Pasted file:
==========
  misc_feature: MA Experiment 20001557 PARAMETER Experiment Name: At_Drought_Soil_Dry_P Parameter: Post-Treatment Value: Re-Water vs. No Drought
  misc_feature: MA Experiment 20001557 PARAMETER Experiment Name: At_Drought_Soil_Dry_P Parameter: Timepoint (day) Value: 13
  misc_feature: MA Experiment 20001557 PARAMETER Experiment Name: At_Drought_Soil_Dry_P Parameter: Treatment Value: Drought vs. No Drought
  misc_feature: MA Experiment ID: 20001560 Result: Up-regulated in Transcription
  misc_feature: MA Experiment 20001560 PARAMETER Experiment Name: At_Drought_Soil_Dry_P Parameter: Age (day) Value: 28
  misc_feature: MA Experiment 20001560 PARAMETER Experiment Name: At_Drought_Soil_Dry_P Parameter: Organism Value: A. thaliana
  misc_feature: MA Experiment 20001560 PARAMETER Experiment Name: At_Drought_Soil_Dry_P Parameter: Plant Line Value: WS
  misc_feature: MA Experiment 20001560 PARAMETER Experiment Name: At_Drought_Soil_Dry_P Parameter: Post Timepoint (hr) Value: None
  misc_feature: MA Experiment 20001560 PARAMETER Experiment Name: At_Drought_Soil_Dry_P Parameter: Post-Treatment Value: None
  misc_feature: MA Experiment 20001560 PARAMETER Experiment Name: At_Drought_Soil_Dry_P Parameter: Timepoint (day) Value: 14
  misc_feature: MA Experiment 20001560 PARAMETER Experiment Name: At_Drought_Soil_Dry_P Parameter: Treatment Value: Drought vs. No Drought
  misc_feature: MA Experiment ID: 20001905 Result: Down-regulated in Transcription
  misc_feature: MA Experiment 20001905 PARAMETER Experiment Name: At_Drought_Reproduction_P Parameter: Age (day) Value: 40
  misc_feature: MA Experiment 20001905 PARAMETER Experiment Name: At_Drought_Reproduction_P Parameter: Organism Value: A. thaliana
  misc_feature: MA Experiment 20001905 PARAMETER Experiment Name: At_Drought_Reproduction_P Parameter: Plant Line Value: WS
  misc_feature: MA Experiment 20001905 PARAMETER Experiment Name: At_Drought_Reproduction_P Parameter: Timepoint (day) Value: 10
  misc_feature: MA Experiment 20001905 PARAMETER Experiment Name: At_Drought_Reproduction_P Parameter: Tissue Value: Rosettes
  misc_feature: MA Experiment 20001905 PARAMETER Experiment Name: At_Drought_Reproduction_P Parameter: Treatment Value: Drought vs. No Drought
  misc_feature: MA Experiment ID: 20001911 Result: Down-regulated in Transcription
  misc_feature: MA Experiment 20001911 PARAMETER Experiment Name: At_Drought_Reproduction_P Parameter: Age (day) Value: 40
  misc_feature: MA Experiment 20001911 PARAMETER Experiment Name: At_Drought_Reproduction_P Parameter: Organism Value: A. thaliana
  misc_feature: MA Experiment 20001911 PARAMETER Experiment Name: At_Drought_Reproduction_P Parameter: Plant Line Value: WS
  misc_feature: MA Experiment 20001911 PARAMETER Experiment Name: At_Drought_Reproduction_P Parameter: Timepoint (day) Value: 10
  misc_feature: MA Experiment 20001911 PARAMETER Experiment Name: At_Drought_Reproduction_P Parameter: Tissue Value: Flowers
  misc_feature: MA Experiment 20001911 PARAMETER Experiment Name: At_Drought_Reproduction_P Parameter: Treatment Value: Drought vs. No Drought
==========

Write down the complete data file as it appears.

  misc_feature: MA Experiment 20001557 PARAMETER Experiment Name: At_Drought_Soil_Dry_P Parameter: Post-Treatment Value: Re-Water vs. No Drought
  misc_feature: MA Experiment 20001557 PARAMETER Experiment Name: At_Drought_Soil_Dry_P Parameter: Timepoint (day) Value: 13
  misc_feature: MA Experiment 20001557 PARAMETER Experiment Name: At_Drought_Soil_Dry_P Parameter: Treatment Value: Drought vs. No Drought
  misc_feature: MA Experiment ID: 20001560 Result: Up-regulated in Transcription
  misc_feature: MA Experiment 20001560 PARAMETER Experiment Name: At_Drought_Soil_Dry_P Parameter: Age (day) Value: 28
  misc_feature: MA Experiment 20001560 PARAMETER Experiment Name: At_Drought_Soil_Dry_P Parameter: Organism Value: A. thaliana
  misc_feature: MA Experiment 20001560 PARAMETER Experiment Name: At_Drought_Soil_Dry_P Parameter: Plant Line Value: WS
  misc_feature: MA Experiment 20001560 PARAMETER Experiment Name: At_Drought_Soil_Dry_P Parameter: Post Timepoint (hr) Value: None
  misc_feature: MA Experiment 20001560 PARAMETER Experiment Name: At_Drought_Soil_Dry_P Parameter: Post-Treatment Value: None
  misc_feature: MA Experiment 20001560 PARAMETER Experiment Name: At_Drought_Soil_Dry_P Parameter: Timepoint (day) Value: 14
  misc_feature: MA Experiment 20001560 PARAMETER Experiment Name: At_Drought_Soil_Dry_P Parameter: Treatment Value: Drought vs. No Drought
  misc_feature: MA Experiment ID: 20001905 Result: Down-regulated in Transcription
  misc_feature: MA Experiment 20001905 PARAMETER Experiment Name: At_Drought_Reproduction_P Parameter: Age (day) Value: 40
  misc_feature: MA Experiment 20001905 PARAMETER Experiment Name: At_Drought_Reproduction_P Parameter: Organism Value: A. thaliana
  misc_feature: MA Experiment 20001905 PARAMETER Experiment Name: At_Drought_Reproduction_P Parameter: Plant Line Value: WS
  misc_feature: MA Experiment 20001905 PARAMETER Experiment Name: At_Drought_Reproduction_P Parameter: Timepoint (day) Value: 10
  misc_feature: MA Experiment 20001905 PARAMETER Experiment Name: At_Drought_Reproduction_P Parameter: Tissue Value: Rosettes
  misc_feature: MA Experiment 20001905 PARAMETER Experiment Name: At_Drought_Reproduction_P Parameter: Treatment Value: Drought vs. No Drought
  misc_feature: MA Experiment ID: 20001911 Result: Down-regulated in Transcription
  misc_feature: MA Experiment 20001911 PARAMETER Experiment Name: At_Drought_Reproduction_P Parameter: Age (day) Value: 40
  misc_feature: MA Experiment 20001911 PARAMETER Experiment Name: At_Drought_Reproduction_P Parameter: Organism Value: A. thaliana
  misc_feature: MA Experiment 20001911 PARAMETER Experiment Name: At_Drought_Reproduction_P Parameter: Plant Line Value: WS
  misc_feature: MA Experiment 20001911 PARAMETER Experiment Name: At_Drought_Reproduction_P Parameter: Timepoint (day) Value: 10
  misc_feature: MA Experiment 20001911 PARAMETER Experiment Name: At_Drought_Reproduction_P Parameter: Tissue Value: Flowers
  misc_feature: MA Experiment 20001911 PARAMETER Experiment Name: At_Drought_Reproduction_P Parameter: Treatment Value: Drought vs. No Drought